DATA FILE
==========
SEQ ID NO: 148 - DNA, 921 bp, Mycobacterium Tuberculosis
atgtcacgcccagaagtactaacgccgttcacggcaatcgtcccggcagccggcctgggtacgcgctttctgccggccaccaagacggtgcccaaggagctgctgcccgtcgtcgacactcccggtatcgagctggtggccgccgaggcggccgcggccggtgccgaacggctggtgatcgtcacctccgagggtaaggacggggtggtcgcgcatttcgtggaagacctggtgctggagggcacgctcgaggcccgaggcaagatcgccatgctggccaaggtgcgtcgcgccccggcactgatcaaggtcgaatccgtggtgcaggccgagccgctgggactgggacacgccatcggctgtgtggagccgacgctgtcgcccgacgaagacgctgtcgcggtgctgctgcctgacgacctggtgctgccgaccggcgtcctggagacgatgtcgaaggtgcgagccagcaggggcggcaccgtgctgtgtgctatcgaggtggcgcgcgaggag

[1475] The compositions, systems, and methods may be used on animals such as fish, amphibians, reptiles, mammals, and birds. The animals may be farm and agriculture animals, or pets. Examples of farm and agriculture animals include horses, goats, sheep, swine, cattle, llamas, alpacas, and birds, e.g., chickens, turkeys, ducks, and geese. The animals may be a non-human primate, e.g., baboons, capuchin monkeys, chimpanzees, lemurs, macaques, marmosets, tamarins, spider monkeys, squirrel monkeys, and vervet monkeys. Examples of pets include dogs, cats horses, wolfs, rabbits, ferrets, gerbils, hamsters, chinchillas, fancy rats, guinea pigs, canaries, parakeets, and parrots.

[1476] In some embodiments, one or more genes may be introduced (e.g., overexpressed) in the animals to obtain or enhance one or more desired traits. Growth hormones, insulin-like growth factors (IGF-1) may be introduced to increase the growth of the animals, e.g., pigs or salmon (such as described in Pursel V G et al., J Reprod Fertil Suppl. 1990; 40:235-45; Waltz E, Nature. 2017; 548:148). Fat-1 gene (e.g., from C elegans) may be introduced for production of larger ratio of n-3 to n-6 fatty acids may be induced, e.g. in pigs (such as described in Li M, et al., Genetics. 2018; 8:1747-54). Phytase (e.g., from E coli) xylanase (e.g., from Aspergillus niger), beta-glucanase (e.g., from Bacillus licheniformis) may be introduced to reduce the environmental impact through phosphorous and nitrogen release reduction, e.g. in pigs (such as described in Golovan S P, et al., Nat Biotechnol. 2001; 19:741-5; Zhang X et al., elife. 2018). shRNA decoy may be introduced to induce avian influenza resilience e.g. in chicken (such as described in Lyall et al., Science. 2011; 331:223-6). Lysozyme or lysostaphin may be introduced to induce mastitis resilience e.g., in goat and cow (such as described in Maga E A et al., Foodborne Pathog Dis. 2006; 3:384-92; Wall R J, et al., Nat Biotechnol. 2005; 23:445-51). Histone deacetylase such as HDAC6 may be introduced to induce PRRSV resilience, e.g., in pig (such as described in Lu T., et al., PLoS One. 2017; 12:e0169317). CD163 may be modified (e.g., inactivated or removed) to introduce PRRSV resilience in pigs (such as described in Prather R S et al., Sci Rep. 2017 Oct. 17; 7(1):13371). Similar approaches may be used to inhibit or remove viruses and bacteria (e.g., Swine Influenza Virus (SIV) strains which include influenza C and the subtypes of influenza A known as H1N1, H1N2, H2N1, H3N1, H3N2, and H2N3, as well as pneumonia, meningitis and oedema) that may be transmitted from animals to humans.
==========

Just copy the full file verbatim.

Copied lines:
SEQ ID NO: 148 - DNA, 921 bp, Mycobacterium Tuberculosis
atgtcacgcccagaagtactaacgccgttcacggcaatcgtcccggcagccggcctgggtacgcgctttctgccggccaccaagacggtgcccaaggagctgctgcccgtcgtcgacactcccggtatcgagctggtggccgccgaggcggccgcggccggtgccgaacggctggtgatcgtcacctccgagggtaaggacggggtggtcgcgcatttcgtggaagacctggtgctggagggcacgctcgaggcccgaggcaagatcgccatgctggccaaggtgcgtcgcgccccggcactgatcaaggtcgaatccgtggtgcaggccgagccgctgggactgggacacgccatcggctgtgtggagccgacgctgtcgcccgacgaagacgctgtcgcggtgctgctgcctgacgacctggtgctgccgaccggcgtcctggagacgatgtcgaaggtgcgagccagcaggggcggcaccgtgctgtgtgctatcgaggtggcgcgcgaggag

[1475] The compositions, systems, and methods may be used on animals such as fish, amphibians, reptiles, mammals, and birds. The animals may be farm and agriculture animals, or pets. Examples of farm and agriculture animals include horses, goats, sheep, swine, cattle, llamas, alpacas, and birds, e.g., chickens, turkeys, ducks, and geese. The animals may be a non-human primate, e.g., baboons, capuchin monkeys, chimpanzees, lemurs, macaques, marmosets, tamarins, spider monkeys, squirrel monkeys, and vervet monkeys. Examples of pets include dogs, cats horses, wolfs, rabbits, ferrets, gerbils, hamsters, chinchillas, fancy rats, guinea pigs, canaries, parakeets, and parrots.

[1476] In some embodiments, one or more genes may be introduced (e.g., overexpressed) in the animals to obtain or enhance one or more desired traits. Growth hormones, insulin-like growth factors (IGF-1) may be introduced to increase the growth of the animals, e.g., pigs or salmon (such as described in Pursel V G et al., J Reprod Fertil Suppl. 1990; 40:235-45; Waltz E, Nature. 2017; 548:148). Fat-1 gene (e.g., from C elegans) may be introduced for production of larger ratio of n-3 to n-6 fatty acids may be induced, e.g. in pigs (such as described in Li M, et al., Genetics. 2018; 8:1747-54). Phytase (e.g., from E coli) xylanase (e.g., from Aspergillus niger), beta-glucanase (e.g., from Bacillus licheniformis) may be introduced to reduce the environmental impact through phosphorous and nitrogen release reduction, e.g. in pigs (such as described in Golovan S P, et al., Nat Biotechnol. 2001; 19:741-5; Zhang X et al., elife. 2018). shRNA decoy may be introduced to induce avian influenza resilience e.g. in chicken (such as described in Lyall et al., Science. 2011; 331:223-6). Lysozyme or lysostaphin may be introduced to induce mastitis resilience e.g., in goat and cow (such as described in Maga E A et al., Foodborne Pathog Dis. 2006; 3:384-92; Wall R J, et al., Nat Biotechnol. 2005; 23:445-51). Histone deacetylase such as HDAC6 may be introduced to induce PRRSV resilience, e.g., in pig (such as described in Lu T., et al., PLoS One. 2017; 12:e0169317). CD163 may be modified (e.g., inactivated or removed) to introduce PRRSV resilience in pigs (such as described in Prather R S et al., Sci Rep. 2017 Oct. 17; 7(1):13371). Similar approaches may be used to inhibit or remove viruses and bacteria (e.g., Swine Influenza Virus (SIV) strains which include influenza C and the subtypes of influenza A known as H1N1, H1N2, H2N1, H3N1, H3N2, and H2N3, as well as pneumonia, meningitis and oedema) that may be transmitted from animals to humans.